Preparing Developers for a Multi-language Multi-paradigm Future

By: Morpheus Data

Tried-and-true languages such as Java, C++, Python, and JavaScript continue to dominate the most popular lists, but modern app development requires a multi-language approach to support diverse platforms and links to backend servers. The future will see new languages being used in conjunction with the old reliables.

Every year, new programming languages are developed. Recent examples are Apple’s Swift and Carnegie Mellon University’s Wyvernet. Yet for more than a decade, the same handful no. of languages have retained their popularity with developers — Java, JavaScript, C/C++/C#/Objective-C, Python, Ruby, PHP — even though each is considered to have serious shortcomings for modern app development.

According to TIOBE Software’s TIOBE Index for January 2015, JavaScript recorded the greatest increase in popularity in 2014, followed by PL/SQL and Perl.

The same old programming languages dominate the popularity polls, as shown by the most-recent TIOBE Index. Source: TIOBE Software

Of course, choosing the best language for any development project rarely boils down to a popularity contest. When RedMonk’s Donnie Berkholz analyzed GitHub language trends in May 2014, aggregating new users, issues, and repositories, he concluded that only five languages have mattered on GitHub since 2008: JavaScript, Ruby, Java, PHP, and Python.


An analysis of language activity on GitHub between 2008 and 2013 indicates growing fragmentation. Source: RedMonk

Two important caveats to Berkholz’s analysis are that GitHub focused on Ruby on Rails when it launched but has since gone more mainstream; and that Windows and iOS development barely register because both are generally open source-averse. As IT World’s Phil Johnson points out in a May 7, 2014, article, while it’s dangerous to draw conclusions about language popularity based on this or any other single analysis, it seems clear the industry is diverging rather than converging.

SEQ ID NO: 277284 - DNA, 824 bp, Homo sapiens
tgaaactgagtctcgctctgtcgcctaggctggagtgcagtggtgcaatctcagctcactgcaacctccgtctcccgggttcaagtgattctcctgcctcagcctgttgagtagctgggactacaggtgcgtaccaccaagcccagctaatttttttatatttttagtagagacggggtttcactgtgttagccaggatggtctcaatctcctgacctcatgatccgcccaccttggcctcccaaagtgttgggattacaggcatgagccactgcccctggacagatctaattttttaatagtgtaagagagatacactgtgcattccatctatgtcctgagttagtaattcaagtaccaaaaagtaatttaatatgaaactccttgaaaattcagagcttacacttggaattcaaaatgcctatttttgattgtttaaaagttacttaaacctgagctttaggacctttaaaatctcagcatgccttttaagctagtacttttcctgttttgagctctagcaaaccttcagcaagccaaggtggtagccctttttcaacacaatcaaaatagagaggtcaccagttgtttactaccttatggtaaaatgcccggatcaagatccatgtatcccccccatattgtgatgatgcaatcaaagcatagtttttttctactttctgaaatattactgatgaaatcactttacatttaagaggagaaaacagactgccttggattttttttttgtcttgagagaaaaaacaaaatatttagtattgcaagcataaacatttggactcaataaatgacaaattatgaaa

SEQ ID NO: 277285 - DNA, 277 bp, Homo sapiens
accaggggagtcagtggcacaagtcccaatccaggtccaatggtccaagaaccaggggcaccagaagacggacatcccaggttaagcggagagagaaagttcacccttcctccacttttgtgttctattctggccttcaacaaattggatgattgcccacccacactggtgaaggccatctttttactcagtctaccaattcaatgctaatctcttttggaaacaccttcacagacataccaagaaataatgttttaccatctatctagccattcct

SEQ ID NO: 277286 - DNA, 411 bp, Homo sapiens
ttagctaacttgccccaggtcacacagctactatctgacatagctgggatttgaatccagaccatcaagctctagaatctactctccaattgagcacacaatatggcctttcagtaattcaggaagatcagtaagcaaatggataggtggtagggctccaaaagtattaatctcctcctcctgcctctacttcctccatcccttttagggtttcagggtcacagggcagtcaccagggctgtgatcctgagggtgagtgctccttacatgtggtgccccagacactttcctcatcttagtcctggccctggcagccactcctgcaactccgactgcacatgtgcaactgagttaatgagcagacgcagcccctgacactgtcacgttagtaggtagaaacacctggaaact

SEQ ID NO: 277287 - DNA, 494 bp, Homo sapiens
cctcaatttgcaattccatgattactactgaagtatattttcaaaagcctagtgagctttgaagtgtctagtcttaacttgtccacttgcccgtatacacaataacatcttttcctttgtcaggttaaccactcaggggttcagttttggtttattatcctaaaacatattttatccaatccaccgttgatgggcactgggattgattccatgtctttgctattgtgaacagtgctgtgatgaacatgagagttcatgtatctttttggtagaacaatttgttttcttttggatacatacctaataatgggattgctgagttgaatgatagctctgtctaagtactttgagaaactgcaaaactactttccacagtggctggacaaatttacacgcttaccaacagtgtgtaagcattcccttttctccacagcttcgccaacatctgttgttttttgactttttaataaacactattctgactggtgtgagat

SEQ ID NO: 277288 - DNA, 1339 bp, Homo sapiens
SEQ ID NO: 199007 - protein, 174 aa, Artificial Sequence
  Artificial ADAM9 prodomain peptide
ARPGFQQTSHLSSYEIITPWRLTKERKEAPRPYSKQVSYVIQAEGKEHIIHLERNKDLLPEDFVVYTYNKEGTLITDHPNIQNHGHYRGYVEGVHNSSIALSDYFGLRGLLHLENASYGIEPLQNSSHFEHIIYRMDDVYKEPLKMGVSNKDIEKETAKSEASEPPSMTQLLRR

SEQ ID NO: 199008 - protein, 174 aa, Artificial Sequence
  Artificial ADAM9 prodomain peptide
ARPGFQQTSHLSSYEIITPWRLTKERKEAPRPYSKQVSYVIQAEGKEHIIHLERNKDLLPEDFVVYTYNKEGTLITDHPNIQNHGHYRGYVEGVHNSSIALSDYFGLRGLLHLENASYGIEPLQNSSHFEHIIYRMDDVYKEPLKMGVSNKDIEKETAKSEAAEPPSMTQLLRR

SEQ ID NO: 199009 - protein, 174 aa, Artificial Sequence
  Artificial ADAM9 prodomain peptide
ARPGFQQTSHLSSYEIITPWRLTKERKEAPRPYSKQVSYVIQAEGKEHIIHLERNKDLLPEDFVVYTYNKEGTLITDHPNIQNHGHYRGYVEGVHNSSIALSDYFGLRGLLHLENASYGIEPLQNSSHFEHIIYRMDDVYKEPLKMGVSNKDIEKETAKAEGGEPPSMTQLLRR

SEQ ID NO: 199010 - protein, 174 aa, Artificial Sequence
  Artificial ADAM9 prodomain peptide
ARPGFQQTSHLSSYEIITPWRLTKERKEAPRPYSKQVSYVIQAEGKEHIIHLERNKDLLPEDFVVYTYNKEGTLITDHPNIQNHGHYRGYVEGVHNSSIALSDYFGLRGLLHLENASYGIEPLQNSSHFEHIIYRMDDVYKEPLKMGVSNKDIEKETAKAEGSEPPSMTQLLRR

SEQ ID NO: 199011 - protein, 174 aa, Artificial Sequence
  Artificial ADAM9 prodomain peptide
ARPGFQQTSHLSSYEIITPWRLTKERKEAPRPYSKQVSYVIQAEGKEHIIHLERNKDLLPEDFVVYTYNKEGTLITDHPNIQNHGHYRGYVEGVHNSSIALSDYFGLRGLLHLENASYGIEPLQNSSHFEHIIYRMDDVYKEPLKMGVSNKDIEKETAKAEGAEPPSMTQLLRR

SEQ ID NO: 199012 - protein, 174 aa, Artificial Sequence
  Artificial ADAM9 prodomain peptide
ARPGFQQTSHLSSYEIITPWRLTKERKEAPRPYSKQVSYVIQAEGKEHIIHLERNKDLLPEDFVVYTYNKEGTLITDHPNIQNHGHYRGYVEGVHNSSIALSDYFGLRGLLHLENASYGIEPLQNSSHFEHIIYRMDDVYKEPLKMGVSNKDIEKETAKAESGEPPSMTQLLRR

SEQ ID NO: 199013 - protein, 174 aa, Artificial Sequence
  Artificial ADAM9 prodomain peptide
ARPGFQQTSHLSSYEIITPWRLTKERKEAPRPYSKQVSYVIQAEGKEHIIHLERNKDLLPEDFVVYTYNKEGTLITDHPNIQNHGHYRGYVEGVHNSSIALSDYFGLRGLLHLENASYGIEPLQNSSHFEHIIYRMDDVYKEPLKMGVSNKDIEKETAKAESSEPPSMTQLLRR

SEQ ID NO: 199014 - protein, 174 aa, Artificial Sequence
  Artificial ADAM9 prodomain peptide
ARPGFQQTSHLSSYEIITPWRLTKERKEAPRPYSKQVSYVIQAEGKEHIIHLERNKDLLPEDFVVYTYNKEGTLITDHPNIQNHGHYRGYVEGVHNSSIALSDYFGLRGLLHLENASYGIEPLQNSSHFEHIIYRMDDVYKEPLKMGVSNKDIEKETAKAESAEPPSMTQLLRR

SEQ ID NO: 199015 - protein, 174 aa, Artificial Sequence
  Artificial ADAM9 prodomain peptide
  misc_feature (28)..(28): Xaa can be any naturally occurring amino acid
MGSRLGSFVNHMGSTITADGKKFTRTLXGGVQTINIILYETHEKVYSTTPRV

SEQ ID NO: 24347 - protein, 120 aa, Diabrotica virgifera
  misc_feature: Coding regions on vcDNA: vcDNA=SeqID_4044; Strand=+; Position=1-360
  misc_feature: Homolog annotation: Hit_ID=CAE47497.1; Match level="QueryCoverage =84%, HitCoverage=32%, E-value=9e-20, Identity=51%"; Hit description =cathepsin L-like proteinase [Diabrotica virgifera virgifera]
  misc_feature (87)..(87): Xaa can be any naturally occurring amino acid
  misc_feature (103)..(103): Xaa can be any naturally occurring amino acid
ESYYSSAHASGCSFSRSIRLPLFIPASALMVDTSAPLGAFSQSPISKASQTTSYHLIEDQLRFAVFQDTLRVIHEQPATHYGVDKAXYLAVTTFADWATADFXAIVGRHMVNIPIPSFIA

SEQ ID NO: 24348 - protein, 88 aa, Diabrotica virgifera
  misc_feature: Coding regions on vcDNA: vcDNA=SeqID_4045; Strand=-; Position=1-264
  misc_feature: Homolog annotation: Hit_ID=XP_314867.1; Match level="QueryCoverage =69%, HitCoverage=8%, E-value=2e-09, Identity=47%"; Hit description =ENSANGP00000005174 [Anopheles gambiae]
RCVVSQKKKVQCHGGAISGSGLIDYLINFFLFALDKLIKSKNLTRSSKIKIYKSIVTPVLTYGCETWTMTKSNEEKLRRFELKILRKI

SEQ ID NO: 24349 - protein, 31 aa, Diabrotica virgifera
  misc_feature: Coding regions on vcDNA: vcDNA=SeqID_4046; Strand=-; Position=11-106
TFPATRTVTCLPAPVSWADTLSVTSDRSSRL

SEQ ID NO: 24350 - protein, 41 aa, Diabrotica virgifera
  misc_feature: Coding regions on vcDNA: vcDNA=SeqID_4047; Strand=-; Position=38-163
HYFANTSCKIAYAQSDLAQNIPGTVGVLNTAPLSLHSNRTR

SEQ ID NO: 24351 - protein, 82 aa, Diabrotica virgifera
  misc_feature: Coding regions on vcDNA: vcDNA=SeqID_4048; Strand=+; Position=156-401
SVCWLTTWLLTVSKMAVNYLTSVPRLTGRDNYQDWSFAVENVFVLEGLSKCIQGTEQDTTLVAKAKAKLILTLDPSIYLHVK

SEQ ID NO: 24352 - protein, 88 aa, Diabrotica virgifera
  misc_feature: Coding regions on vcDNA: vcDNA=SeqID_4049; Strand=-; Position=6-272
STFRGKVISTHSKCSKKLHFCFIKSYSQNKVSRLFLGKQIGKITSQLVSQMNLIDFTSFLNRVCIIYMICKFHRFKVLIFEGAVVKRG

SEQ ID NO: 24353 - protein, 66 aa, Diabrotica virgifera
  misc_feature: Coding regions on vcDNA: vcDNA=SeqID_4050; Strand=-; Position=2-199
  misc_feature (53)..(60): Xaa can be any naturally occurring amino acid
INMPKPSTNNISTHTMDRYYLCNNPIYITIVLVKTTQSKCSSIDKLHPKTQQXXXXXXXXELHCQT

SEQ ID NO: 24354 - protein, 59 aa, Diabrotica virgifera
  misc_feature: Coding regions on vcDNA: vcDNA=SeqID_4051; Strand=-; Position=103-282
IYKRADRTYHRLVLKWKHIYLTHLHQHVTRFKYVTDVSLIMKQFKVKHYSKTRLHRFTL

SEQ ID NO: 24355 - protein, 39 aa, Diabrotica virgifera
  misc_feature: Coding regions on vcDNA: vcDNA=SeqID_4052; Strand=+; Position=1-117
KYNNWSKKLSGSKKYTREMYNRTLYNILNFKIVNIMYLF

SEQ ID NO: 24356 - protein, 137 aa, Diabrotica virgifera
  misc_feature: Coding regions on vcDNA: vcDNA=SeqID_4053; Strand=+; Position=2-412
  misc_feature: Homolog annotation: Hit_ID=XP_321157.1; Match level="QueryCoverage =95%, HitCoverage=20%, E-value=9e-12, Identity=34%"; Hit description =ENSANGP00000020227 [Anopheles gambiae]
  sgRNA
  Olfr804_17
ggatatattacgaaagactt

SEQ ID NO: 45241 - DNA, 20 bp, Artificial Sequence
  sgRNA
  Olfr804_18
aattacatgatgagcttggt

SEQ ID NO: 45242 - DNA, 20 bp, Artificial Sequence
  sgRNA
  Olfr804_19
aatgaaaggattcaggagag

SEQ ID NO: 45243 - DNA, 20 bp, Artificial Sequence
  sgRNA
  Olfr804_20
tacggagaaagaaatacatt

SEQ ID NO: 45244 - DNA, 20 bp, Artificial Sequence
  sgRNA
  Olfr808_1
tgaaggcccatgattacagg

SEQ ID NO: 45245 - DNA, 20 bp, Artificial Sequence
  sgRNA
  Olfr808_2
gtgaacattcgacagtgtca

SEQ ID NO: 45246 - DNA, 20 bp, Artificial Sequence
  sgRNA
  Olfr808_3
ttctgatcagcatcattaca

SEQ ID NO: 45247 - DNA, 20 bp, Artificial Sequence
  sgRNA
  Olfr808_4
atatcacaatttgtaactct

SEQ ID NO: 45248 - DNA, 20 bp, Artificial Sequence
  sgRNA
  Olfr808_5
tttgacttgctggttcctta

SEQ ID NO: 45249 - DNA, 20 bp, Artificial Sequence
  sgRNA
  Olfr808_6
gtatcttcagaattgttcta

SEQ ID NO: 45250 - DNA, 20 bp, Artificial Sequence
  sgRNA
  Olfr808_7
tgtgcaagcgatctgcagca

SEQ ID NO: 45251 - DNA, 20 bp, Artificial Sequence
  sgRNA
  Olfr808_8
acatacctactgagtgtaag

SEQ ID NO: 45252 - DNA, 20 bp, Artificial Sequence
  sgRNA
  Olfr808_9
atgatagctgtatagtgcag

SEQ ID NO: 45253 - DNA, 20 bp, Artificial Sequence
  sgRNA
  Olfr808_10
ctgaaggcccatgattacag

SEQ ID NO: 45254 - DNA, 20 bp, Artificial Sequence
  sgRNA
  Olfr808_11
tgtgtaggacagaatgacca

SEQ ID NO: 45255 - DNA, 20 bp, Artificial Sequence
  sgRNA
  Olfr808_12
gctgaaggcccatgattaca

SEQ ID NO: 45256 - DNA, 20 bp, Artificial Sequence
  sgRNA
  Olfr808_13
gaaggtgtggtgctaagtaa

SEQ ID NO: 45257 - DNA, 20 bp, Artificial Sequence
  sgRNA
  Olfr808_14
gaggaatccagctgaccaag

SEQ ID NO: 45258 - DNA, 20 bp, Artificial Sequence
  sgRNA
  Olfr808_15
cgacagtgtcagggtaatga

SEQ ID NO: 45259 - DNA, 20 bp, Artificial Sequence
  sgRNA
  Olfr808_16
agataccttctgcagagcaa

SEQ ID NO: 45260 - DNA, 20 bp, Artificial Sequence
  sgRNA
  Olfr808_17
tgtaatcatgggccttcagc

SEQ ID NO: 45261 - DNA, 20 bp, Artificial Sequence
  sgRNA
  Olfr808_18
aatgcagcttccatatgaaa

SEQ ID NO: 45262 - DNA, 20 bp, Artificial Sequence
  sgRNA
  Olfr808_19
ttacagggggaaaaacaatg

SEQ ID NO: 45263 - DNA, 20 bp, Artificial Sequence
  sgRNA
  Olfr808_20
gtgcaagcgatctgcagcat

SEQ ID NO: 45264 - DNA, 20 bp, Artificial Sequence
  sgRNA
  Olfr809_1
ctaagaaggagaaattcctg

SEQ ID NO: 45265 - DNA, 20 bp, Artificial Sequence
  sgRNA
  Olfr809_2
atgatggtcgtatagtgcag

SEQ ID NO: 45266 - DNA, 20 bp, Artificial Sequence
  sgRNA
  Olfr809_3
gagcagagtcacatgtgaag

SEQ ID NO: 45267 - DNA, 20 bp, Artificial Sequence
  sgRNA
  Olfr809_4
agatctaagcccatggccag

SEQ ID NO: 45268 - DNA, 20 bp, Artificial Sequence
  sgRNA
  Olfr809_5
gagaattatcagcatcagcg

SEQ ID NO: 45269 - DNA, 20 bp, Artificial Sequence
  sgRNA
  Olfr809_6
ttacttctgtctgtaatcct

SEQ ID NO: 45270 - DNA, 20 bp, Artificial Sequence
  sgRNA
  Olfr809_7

Today’s apps require a multi-language, multi-paradigm approach

Even straightforward development projects require expertise in multiple languages. TechCrunch’s Danny Crichton states in a July 10, 2014, article that creating an app for the web and mobile entails HTML, CSS, and JavaScript for the frontend (others as well, depending on the libraries required); Java and Objective-C (or Swift) for Android and iPhone, respectively; and for links to backend servers, Python, Ruby, or Go, as well as SQL or other database query languages.

Crichton identifies three trends driving multi-language development. The first is faster adoption of new languages: GitHub and similar sites encourage broader participation in developing libraries and tutorials; and developers are more willing to learn new languages. Second, apps have to run on multiple platforms, each with unique requirements and characteristics. And third, functional programming languages are moving out of academia and into the mainstream.

Researcher Benjamin Erb suggests that rather than functional languages replacing object-oriented languages, the future will be dominated by multi-paradigm development, in particular to address concurrency requirements. In addition to supporting objects, inheritance, and imperative code, multi-paradigm languages incorporate higher-order functions, closures, and restricted mutability.

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